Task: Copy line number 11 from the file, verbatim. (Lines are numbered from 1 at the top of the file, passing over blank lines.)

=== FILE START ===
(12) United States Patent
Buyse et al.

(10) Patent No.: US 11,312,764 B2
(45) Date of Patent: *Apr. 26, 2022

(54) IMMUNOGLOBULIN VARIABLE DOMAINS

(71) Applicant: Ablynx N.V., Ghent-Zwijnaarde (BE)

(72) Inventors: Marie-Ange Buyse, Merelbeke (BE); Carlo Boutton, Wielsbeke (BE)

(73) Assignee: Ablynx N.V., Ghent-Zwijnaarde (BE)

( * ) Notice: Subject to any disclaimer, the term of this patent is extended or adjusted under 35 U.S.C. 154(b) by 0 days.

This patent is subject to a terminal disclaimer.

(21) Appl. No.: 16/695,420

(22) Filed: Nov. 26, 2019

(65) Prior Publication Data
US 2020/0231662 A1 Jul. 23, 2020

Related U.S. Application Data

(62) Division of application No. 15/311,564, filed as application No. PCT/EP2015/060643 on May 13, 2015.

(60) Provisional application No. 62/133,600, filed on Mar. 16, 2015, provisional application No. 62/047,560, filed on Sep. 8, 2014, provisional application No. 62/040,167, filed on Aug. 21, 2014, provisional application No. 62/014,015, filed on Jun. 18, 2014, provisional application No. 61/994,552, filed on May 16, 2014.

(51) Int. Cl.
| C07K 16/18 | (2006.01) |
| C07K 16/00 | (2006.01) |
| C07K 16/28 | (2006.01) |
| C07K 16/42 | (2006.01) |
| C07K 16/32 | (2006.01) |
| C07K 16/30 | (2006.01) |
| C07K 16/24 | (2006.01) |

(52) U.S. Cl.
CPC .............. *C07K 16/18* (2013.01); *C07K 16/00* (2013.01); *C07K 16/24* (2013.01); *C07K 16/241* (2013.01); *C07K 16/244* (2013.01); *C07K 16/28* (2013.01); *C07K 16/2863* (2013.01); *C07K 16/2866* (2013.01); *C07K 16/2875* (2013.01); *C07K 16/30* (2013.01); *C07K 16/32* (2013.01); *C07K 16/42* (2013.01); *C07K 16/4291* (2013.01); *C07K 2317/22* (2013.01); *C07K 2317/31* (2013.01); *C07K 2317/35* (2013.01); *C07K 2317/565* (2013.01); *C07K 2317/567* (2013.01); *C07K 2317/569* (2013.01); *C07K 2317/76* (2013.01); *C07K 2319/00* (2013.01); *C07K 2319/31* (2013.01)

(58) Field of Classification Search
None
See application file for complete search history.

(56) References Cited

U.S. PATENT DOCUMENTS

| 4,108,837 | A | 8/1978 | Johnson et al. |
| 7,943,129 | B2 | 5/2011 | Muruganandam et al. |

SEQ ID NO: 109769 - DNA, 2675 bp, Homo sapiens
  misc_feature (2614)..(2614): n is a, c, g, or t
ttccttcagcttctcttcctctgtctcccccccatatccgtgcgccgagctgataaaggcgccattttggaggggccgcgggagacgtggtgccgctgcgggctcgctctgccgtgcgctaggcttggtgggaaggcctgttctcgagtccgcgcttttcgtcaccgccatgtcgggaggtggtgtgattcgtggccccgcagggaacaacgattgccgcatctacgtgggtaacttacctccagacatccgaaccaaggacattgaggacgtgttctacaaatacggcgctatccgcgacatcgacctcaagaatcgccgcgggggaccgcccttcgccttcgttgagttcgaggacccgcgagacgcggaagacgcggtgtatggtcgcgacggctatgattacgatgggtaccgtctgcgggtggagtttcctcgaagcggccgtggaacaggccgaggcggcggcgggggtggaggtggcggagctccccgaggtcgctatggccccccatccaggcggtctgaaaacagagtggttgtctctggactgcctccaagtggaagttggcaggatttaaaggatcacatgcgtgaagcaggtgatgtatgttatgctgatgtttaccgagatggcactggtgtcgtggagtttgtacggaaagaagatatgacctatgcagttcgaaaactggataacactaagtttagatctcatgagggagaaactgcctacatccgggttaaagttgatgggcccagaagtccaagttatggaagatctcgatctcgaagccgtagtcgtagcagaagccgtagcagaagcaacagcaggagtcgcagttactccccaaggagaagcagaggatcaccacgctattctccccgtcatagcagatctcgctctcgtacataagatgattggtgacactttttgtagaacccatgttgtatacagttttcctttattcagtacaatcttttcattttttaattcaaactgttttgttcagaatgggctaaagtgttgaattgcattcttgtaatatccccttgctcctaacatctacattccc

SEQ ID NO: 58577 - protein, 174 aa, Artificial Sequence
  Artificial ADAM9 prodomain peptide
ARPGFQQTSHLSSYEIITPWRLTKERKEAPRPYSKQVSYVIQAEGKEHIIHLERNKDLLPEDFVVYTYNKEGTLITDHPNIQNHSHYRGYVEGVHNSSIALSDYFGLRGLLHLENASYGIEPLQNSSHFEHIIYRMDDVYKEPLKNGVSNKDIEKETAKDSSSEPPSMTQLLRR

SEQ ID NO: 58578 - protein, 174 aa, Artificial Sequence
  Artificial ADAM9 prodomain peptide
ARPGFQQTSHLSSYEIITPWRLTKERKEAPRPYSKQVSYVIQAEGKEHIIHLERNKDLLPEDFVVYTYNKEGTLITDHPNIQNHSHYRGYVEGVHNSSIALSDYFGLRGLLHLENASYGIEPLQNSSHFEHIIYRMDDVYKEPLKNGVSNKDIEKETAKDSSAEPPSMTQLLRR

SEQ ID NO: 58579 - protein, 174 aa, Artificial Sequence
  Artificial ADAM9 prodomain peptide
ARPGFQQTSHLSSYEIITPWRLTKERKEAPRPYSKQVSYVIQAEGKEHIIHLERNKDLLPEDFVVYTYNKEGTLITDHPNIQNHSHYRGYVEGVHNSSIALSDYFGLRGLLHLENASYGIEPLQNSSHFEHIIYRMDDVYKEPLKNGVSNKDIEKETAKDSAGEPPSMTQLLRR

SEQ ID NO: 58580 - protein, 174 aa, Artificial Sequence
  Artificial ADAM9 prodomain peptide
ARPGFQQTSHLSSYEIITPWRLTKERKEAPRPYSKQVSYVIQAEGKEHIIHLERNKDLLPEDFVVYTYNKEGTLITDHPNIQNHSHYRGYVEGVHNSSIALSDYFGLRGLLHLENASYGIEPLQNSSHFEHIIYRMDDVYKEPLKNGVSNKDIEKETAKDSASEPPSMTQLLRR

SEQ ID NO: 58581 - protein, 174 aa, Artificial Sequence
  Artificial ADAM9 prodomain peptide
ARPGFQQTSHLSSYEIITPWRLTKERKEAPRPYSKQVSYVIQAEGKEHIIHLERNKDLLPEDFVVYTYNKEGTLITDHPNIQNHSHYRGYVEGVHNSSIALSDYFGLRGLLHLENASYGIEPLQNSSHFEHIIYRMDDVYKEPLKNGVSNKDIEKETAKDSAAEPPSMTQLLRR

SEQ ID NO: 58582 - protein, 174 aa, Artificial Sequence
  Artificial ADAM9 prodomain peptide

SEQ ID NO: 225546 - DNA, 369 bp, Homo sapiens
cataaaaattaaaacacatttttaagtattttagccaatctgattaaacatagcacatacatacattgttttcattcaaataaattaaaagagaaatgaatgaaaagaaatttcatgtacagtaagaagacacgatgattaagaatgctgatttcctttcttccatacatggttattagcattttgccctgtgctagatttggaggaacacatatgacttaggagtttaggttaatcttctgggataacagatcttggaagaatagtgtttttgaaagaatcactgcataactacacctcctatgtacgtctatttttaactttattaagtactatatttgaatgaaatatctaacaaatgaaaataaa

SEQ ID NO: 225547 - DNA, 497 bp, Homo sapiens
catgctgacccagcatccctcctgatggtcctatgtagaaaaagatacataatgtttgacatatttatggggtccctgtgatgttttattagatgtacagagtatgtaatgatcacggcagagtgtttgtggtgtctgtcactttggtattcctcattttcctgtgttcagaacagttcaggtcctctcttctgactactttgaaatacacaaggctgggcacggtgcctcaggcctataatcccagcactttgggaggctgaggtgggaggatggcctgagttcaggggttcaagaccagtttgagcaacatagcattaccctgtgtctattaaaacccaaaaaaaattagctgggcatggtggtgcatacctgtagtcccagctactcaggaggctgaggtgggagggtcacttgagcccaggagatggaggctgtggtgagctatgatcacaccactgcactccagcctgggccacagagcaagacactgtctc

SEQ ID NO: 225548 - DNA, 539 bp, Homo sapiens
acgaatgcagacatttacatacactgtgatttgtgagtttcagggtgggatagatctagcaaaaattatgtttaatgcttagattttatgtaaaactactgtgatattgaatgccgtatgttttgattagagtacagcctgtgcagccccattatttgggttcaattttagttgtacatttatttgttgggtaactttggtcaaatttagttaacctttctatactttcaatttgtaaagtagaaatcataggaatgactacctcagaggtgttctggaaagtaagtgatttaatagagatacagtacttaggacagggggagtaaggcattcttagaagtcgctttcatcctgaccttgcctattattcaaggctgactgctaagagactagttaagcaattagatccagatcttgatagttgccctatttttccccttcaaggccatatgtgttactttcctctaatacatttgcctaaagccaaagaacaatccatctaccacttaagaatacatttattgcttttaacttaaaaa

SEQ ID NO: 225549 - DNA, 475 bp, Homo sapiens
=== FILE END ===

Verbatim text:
(21) Appl. No.: 16/695,420